northern portions.  The whole issue here really revolves around               
 whether or not the state of Alaska still retains authority to                 
 regulate and authorize subsistence fishing and commercial fishing             
 within what the Park Service claims is the boundary of the park.              
 We, of course, have claimed for a long time that in fact their                
 authority really doesn't extend into territorial waters.  We came             
 close to a resolution of this issue two years ago, and right at the           
 dying moments of Congress, we were unable to finalize a bill and              
 thus we went back to kind of a status quo.  Since then, the Park              
 Service has been proceeding with the concept, that's why you see it           
 in Resolution here, of adopting regulations to authorize some                 
 subsistence taking and commercial taking within the Park."                    
                                                                               
 MR. SOMERVILLE continued, "We've always contended that these are              
 not park resources.  The bulk of them that are taken in the waters            
 adjacent to Glacier Bay National Park because most of them are in             
 essence passing through those waters and we claim that they really            
 don't have any jurisdiction over them as being park resources.  We            
 tried to work with the Park Service to develop a process whereby              
 the Parks and the state could work together to maintain some kind             
 of cooperative effort, if you will, but we still maintained that we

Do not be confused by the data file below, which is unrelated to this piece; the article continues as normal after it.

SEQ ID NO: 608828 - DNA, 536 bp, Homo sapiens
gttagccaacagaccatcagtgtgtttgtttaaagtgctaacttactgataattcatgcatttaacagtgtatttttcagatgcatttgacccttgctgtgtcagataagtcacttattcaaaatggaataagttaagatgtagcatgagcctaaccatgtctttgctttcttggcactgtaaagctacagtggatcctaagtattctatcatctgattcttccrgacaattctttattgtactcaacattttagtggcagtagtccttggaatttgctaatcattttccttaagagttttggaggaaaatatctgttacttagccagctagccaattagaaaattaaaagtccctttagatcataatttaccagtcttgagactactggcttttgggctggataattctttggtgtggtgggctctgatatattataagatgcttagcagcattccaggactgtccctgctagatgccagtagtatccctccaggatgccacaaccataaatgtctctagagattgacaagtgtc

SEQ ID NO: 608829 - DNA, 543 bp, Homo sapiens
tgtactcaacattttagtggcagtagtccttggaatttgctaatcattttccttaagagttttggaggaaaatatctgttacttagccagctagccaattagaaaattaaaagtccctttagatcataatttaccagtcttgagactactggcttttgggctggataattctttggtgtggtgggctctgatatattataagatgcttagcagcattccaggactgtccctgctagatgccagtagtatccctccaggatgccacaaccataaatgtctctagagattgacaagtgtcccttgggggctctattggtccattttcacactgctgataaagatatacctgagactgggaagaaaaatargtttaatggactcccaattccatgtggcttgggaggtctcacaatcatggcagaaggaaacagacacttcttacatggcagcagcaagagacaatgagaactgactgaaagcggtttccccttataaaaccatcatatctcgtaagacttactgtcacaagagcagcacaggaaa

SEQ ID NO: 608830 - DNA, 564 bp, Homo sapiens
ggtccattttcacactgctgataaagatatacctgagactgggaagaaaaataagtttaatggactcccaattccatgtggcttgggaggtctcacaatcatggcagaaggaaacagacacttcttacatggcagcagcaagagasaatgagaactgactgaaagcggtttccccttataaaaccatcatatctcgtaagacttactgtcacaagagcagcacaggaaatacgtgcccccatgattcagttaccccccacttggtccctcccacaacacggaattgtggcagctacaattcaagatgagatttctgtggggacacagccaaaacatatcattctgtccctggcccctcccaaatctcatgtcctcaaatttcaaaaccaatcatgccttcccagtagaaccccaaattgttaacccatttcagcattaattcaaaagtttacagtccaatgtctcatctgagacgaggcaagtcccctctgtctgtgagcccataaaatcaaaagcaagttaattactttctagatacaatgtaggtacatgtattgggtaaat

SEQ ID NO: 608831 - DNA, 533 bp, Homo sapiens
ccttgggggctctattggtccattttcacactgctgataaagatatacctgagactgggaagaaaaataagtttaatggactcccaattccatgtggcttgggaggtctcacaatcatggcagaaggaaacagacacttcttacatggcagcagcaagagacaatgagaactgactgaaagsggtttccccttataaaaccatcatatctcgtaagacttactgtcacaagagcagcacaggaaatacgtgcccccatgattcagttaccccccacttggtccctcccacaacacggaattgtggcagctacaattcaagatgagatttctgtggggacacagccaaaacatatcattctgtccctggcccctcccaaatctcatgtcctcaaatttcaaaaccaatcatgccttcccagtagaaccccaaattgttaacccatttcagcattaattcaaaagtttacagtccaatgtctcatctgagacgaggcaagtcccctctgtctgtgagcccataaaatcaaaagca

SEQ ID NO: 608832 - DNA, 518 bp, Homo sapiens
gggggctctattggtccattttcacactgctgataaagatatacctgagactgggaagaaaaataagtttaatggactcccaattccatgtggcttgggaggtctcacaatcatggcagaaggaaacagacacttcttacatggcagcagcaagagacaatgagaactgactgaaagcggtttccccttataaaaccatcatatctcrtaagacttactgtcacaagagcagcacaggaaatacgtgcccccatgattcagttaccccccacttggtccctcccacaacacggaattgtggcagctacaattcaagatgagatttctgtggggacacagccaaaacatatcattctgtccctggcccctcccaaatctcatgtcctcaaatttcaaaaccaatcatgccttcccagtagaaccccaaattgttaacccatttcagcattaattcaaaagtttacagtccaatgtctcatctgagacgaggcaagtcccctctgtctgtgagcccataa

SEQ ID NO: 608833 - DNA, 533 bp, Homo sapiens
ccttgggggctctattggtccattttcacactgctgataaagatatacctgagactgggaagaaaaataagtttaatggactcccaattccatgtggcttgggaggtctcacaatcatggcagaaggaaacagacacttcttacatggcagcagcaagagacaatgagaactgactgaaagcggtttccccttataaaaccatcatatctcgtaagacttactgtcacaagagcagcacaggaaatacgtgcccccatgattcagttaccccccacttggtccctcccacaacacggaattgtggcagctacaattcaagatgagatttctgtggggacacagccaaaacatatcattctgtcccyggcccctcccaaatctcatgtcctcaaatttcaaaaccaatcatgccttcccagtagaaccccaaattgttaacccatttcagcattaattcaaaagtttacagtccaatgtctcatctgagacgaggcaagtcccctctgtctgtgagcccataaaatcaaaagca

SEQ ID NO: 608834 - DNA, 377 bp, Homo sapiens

had the authority to regulate taking for subsistence or commercial            
 purposes.  If the Park Service goes forward with their regulations,           
 which they now have found out that they can allow the taking of               
 commercial purposes within the park, just to give you kind of a               
 glimpse of what we've seen in those regulations:  One is they would           
 like to phase out fishing within the Glacier Bay proper, within the           
 Park which would then affect some of the subsistence fisheries                
 within the Park."                                                             
                                                                               
 REPRESENTATIVE KIM ELTON joined the committee at 5:10 p.m.                    
                                                                               
 Number 168                                                                    
                                                                               
 REPRESENTATIVE GARY DAVIS voiced concern about page 2, line 11 of             
 HJR 43 where it says, "WHEREAS the State of Alaska has a claim to             
 ownership of the submerged lands and navigable waters of the Park."